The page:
Global & Disaster Medicine

Human Rights Abuse: People with severe mental disorders endure abuse around the world, caged, warehoused in institutions, and imprisoned.

NY Times

“….Drug treatment, mostly for psychosis, blunted day-to-day symptoms of hallucinations and delusional thinking. But it did not reduce the length of time people were held in chains at the camp.…”

British Journal of Psychiatry

“Care of people with serious mental illness in prayer camps in low-income countries generates human rights concerns and ethical challenges for outcome researchers.

To ethically evaluate joining traditional faith healing with psychiatric care including medications (Clinical identifier NCT02593734).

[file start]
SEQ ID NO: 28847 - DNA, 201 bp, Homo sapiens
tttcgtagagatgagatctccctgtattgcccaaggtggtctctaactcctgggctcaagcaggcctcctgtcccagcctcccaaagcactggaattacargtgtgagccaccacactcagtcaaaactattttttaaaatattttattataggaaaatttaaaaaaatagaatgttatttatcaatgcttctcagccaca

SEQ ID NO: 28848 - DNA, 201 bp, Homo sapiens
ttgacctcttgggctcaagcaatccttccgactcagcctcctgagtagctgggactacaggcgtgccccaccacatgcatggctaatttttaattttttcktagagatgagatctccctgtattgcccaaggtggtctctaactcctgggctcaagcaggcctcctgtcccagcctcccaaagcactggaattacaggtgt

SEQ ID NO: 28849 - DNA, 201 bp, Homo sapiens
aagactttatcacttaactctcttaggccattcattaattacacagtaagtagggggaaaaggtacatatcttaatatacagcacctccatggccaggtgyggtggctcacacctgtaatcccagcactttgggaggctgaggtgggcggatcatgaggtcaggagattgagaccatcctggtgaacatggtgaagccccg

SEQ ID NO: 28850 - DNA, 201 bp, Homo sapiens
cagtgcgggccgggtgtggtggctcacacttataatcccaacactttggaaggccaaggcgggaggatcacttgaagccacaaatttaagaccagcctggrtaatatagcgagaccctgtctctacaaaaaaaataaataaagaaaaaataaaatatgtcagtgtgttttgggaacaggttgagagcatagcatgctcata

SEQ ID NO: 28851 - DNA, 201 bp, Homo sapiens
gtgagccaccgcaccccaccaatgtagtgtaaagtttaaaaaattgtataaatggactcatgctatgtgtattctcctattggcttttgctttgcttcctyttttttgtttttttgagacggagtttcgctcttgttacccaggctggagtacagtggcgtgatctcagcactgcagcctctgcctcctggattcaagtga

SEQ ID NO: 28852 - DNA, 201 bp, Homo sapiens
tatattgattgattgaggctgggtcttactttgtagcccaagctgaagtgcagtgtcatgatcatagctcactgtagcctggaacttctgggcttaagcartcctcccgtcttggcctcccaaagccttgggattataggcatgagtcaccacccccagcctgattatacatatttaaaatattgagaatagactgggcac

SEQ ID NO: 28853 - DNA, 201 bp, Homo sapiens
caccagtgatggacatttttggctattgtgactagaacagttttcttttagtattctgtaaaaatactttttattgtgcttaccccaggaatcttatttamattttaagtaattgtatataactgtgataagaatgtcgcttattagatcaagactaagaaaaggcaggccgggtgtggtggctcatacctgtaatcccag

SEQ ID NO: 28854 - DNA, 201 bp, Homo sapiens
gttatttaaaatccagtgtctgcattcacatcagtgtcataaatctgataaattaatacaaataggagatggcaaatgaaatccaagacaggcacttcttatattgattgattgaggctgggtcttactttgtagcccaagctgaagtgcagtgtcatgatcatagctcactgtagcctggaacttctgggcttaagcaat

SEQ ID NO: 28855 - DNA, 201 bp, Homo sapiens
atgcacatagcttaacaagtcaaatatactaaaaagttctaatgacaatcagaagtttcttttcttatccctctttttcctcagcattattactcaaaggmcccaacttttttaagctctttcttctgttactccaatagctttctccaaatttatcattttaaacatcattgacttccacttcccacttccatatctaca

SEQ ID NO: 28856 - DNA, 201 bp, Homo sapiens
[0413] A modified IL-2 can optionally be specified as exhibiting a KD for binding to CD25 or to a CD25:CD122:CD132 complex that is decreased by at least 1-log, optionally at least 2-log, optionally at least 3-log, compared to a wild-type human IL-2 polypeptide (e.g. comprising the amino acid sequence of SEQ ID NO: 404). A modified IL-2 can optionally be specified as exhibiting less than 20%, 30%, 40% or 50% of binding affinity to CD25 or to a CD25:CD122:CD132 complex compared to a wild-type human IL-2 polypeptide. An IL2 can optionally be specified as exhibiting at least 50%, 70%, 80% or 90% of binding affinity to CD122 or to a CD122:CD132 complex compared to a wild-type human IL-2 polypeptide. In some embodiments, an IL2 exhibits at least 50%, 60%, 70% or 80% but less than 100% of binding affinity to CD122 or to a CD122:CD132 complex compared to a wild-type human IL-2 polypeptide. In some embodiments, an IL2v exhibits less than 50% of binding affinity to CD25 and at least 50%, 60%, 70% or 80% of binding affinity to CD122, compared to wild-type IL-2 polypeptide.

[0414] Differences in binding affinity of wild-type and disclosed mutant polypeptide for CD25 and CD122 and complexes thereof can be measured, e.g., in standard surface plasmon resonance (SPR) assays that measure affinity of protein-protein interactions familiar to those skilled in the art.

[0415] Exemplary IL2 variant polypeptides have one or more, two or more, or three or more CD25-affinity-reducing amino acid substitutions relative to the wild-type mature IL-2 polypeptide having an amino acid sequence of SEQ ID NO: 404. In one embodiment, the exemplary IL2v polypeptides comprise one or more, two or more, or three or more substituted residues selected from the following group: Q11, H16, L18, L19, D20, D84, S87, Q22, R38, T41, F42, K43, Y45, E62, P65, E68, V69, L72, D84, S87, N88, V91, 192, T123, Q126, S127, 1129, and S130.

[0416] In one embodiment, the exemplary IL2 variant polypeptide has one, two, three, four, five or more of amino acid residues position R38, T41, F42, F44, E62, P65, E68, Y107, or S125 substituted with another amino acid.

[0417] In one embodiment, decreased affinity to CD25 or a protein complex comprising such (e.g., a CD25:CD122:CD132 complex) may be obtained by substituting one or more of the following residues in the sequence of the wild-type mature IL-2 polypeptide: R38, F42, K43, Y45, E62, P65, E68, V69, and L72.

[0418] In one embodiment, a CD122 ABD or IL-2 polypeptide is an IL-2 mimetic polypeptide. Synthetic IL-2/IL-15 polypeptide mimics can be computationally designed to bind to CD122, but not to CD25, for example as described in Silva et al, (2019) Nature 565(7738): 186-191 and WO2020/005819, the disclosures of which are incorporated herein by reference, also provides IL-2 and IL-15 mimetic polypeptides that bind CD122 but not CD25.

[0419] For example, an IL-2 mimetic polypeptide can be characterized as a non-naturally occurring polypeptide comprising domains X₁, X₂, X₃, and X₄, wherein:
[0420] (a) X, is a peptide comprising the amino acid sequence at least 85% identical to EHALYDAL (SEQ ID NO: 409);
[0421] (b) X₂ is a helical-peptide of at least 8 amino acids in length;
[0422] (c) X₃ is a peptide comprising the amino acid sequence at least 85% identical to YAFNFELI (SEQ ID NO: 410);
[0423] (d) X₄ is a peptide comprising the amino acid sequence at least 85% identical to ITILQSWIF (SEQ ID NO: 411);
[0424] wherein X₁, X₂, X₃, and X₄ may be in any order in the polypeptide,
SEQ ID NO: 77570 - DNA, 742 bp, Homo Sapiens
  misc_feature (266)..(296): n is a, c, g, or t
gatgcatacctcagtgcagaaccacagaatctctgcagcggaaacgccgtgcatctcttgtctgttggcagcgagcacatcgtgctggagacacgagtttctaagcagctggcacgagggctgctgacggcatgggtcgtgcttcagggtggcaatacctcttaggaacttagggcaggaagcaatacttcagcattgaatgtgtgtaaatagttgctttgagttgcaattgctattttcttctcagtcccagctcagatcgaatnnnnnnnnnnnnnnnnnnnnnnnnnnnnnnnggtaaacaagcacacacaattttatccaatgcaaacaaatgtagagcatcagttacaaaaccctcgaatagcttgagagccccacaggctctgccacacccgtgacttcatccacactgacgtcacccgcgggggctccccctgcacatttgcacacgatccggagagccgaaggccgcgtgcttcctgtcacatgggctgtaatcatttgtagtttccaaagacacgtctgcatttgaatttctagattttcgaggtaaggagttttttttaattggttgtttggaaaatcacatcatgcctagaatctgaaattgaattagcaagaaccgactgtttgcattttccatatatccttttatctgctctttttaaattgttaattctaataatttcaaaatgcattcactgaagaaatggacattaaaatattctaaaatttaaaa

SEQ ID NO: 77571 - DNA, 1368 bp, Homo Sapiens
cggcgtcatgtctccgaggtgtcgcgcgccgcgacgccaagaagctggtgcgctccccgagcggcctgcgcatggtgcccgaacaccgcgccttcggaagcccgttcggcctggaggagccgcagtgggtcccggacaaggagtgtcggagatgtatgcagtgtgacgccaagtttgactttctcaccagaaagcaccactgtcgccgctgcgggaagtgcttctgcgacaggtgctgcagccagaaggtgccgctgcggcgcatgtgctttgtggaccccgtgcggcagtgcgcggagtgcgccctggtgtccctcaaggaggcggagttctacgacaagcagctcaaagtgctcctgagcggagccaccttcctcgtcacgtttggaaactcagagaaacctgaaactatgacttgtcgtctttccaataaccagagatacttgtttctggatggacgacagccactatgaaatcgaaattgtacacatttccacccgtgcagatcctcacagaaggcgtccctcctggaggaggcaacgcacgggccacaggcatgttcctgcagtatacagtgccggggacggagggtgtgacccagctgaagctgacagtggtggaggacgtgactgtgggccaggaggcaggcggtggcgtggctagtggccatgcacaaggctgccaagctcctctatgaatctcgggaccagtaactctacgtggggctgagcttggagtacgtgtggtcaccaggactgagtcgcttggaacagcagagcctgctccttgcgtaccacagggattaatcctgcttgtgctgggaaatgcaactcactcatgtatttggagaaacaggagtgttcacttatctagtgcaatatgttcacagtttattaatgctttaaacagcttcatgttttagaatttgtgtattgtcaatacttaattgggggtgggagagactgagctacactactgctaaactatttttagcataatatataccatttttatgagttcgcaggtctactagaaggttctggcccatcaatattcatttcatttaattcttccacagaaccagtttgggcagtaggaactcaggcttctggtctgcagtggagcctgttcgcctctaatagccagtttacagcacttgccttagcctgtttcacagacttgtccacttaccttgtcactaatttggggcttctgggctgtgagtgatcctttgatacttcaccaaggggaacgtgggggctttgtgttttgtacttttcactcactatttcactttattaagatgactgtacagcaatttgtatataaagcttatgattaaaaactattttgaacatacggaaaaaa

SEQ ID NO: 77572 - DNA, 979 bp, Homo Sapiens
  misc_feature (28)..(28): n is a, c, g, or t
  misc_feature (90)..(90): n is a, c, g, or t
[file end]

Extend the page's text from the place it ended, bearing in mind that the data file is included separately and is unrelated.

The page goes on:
Residents of a Ghana prayer camp were randomly assigned to receive either indicated medication for schizophrenia or mood disorders along with usual prayer camp activities (prayers, chain restraints and fasting) (n = 71); or the prayer camp activities alone (n = 68). Masked psychologists assessed Brief Psychiatric Rating Scale (BPRS) outcomes at 2, 4 and 6 weeks. Researchers discouraged use of chaining, but chaining decisions remained under the control of prayer camp staff.

Total BPRS symptoms were significantly lower in the experimental group (P = 0.003, effect size –0.48). There was no significant difference in days in chains…..”

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